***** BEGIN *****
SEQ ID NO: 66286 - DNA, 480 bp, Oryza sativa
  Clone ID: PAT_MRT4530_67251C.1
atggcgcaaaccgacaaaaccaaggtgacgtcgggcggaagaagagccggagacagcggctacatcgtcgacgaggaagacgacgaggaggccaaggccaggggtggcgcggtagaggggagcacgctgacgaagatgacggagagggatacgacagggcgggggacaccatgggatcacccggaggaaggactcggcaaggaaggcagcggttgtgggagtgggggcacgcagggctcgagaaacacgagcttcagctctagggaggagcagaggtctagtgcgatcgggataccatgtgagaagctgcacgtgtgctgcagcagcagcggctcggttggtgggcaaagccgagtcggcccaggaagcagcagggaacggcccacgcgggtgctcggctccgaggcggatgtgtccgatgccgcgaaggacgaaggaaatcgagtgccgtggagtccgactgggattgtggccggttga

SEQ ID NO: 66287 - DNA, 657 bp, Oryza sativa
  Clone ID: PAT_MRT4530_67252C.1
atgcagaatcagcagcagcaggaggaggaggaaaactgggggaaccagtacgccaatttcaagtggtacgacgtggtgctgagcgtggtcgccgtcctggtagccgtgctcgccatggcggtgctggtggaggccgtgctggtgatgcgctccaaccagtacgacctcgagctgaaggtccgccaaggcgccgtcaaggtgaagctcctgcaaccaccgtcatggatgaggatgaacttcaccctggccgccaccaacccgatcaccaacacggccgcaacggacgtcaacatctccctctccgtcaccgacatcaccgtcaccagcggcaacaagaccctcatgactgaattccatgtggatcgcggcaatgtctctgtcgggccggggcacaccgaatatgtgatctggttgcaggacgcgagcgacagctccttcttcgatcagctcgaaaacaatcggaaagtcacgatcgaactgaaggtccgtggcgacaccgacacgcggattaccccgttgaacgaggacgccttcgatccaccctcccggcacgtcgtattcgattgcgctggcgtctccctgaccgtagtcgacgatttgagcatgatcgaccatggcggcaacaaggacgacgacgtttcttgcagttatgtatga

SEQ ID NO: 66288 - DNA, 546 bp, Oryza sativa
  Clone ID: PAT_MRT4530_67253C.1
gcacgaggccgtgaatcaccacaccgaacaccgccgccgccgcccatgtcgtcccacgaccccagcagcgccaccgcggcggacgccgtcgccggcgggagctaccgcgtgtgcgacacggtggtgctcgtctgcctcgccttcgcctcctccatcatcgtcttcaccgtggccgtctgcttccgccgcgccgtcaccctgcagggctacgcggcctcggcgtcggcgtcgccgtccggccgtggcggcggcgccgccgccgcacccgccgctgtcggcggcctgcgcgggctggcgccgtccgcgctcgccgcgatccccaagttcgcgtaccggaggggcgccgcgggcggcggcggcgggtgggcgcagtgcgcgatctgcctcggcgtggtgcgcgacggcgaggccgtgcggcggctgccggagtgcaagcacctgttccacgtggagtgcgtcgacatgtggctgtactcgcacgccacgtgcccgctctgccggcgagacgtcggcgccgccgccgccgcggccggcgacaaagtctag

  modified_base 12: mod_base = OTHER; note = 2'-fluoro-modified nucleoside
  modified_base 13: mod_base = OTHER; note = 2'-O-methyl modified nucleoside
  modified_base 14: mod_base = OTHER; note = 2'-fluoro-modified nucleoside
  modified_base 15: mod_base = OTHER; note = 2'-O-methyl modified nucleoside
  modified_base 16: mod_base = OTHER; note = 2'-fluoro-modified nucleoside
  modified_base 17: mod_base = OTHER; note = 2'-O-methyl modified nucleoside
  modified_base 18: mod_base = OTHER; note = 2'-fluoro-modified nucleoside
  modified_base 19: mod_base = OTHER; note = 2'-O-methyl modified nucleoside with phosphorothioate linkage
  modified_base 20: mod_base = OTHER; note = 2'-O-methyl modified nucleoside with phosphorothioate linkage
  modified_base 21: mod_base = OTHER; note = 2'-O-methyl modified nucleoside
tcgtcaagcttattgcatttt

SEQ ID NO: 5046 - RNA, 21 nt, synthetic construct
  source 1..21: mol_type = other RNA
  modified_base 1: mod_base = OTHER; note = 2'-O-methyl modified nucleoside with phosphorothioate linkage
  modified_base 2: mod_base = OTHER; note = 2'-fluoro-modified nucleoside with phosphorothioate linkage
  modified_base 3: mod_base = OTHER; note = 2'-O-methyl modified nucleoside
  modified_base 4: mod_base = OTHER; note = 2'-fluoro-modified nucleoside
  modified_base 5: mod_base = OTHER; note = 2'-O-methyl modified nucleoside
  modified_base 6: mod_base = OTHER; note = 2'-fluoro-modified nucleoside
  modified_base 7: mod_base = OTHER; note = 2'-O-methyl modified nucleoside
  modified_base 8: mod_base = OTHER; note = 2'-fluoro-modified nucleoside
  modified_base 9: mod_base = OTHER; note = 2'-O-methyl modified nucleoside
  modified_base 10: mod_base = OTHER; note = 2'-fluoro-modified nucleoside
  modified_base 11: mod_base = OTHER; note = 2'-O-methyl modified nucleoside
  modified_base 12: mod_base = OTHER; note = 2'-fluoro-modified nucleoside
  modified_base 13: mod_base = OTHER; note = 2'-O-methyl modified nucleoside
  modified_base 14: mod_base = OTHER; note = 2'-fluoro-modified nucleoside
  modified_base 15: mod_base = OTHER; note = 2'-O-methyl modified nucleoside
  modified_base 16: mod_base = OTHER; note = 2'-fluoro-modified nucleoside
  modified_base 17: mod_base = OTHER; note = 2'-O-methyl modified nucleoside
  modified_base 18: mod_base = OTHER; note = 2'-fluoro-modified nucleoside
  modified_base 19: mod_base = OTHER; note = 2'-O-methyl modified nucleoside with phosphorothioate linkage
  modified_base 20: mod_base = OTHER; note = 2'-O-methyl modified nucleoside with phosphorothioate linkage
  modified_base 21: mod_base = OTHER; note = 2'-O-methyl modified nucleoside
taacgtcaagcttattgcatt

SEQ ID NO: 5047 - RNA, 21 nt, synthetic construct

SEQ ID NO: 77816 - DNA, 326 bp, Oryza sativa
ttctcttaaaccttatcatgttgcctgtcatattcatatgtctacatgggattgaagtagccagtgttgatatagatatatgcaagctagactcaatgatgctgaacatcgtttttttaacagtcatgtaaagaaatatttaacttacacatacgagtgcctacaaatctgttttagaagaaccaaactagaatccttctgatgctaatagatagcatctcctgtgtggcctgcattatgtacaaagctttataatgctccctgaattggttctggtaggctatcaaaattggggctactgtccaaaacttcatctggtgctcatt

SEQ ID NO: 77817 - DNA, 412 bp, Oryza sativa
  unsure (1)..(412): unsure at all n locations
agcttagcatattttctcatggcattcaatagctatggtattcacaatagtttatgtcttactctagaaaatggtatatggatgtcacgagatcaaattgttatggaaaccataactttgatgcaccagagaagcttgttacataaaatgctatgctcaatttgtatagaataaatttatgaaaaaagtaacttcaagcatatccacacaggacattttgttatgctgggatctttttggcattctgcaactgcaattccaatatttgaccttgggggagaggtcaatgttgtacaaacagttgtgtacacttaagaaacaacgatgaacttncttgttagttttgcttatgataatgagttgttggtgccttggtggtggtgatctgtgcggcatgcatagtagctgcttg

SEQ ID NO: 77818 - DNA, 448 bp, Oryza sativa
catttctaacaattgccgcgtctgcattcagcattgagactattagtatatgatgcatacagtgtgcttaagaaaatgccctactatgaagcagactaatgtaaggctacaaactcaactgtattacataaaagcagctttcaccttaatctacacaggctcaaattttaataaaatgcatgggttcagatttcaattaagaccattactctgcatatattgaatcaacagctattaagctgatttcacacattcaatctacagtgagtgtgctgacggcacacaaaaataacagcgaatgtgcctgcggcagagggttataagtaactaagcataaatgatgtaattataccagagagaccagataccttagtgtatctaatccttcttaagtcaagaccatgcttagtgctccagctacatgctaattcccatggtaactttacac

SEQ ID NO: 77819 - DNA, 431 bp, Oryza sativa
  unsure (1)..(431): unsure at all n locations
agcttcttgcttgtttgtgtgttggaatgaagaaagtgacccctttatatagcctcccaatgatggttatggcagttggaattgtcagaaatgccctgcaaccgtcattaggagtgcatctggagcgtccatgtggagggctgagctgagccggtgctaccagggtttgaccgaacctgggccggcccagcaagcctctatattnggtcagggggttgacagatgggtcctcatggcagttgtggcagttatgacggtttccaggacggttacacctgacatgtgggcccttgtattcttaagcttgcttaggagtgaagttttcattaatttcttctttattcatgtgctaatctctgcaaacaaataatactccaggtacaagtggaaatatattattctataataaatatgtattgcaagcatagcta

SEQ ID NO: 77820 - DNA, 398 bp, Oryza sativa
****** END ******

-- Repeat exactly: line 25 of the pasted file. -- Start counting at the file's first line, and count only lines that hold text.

  modified_base 3: mod_base = OTHER; note = 2'-O-methyl modified nucleoside